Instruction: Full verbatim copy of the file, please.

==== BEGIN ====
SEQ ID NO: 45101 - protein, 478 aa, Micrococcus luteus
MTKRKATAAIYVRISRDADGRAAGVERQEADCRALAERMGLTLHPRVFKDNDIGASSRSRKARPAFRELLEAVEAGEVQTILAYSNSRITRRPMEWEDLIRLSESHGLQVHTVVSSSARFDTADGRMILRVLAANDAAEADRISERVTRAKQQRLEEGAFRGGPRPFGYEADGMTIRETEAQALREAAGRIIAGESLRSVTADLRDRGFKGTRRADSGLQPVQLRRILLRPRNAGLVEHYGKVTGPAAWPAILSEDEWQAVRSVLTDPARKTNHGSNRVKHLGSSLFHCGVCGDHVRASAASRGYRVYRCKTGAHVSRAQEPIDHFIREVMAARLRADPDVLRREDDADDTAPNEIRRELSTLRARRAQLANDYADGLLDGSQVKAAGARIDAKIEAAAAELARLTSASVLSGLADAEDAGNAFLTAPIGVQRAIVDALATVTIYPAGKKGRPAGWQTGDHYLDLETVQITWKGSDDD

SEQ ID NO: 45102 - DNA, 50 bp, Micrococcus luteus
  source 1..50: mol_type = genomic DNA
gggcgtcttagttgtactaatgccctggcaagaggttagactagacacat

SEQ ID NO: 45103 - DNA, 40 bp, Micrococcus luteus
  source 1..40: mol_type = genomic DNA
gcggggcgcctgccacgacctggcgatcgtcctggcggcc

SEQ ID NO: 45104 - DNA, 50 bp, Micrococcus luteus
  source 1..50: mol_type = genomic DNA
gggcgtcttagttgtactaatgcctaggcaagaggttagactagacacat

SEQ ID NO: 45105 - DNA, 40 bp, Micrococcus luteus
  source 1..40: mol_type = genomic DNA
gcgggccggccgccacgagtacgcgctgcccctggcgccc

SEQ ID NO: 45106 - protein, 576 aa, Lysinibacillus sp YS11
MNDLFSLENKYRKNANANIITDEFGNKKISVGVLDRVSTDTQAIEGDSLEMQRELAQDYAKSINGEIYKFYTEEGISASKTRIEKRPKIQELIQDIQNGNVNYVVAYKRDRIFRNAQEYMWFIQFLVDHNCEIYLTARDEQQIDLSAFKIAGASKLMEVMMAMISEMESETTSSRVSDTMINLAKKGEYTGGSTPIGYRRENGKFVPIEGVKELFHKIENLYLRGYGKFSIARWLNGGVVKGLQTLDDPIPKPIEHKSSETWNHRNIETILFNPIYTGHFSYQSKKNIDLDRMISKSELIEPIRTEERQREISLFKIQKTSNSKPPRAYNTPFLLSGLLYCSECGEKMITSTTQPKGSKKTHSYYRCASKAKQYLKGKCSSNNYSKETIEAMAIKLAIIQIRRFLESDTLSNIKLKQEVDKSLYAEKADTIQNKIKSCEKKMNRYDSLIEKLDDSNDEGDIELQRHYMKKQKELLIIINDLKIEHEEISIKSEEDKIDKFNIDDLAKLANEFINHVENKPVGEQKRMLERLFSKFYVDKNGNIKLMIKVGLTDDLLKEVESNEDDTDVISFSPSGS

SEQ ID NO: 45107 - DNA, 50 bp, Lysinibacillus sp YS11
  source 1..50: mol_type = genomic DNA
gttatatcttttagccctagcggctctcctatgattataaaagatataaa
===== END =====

SEQ ID NO: 45101 - protein, 478 aa, Micrococcus luteus
MTKRKATAAIYVRISRDADGRAAGVERQEADCRALAERMGLTLHPRVFKDNDIGASSRSRKARPAFRELLEAVEAGEVQTILAYSNSRITRRPMEWEDLIRLSESHGLQVHTVVSSSARFDTADGRMILRVLAANDAAEADRISERVTRAKQQRLEEGAFRGGPRPFGYEADGMTIRETEAQALREAAGRIIAGESLRSVTADLRDRGFKGTRRADSGLQPVQLRRILLRPRNAGLVEHYGKVTGPAAWPAILSEDEWQAVRSVLTDPARKTNHGSNRVKHLGSSLFHCGVCGDHVRASAASRGYRVYRCKTGAHVSRAQEPIDHFIREVMAARLRADPDVLRREDDADDTAPNEIRRELSTLRARRAQLANDYADGLLDGSQVKAAGARIDAKIEAAAAELARLTSASVLSGLADAEDAGNAFLTAPIGVQRAIVDALATVTIYPAGKKGRPAGWQTGDHYLDLETVQITWKGSDDD

SEQ ID NO: 45102 - DNA, 50 bp, Micrococcus luteus
  source 1..50: mol_type = genomic DNA
gggcgtcttagttgtactaatgccctggcaagaggttagactagacacat

SEQ ID NO: 45103 - DNA, 40 bp, Micrococcus luteus
  source 1..40: mol_type = genomic DNA
gcggggcgcctgccacgacctggcgatcgtcctggcggcc

SEQ ID NO: 45104 - DNA, 50 bp, Micrococcus luteus
  source 1..50: mol_type = genomic DNA
gggcgtcttagttgtactaatgcctaggcaagaggttagactagacacat

SEQ ID NO: 45105 - DNA, 40 bp, Micrococcus luteus
  source 1..40: mol_type = genomic DNA
gcgggccggccgccacgagtacgcgctgcccctggcgccc

SEQ ID NO: 45106 - protein, 576 aa, Lysinibacillus sp YS11
MNDLFSLENKYRKNANANIITDEFGNKKISVGVLDRVSTDTQAIEGDSLEMQRELAQDYAKSINGEIYKFYTEEGISASKTRIEKRPKIQELIQDIQNGNVNYVVAYKRDRIFRNAQEYMWFIQFLVDHNCEIYLTARDEQQIDLSAFKIAGASKLMEVMMAMISEMESETTSSRVSDTMINLAKKGEYTGGSTPIGYRRENGKFVPIEGVKELFHKIENLYLRGYGKFSIARWLNGGVVKGLQTLDDPIPKPIEHKSSETWNHRNIETILFNPIYTGHFSYQSKKNIDLDRMISKSELIEPIRTEERQREISLFKIQKTSNSKPPRAYNTPFLLSGLLYCSECGEKMITSTTQPKGSKKTHSYYRCASKAKQYLKGKCSSNNYSKETIEAMAIKLAIIQIRRFLESDTLSNIKLKQEVDKSLYAEKADTIQNKIKSCEKKMNRYDSLIEKLDDSNDEGDIELQRHYMKKQKELLIIINDLKIEHEEISIKSEEDKIDKFNIDDLAKLANEFINHVENKPVGEQKRMLERLFSKFYVDKNGNIKLMIKVGLTDDLLKEVESNEDDTDVISFSPSGS

SEQ ID NO: 45107 - DNA, 50 bp, Lysinibacillus sp YS11
  source 1..50: mol_type = genomic DNA
gttatatcttttagccctagcggctctcctatgattataaaagatataaa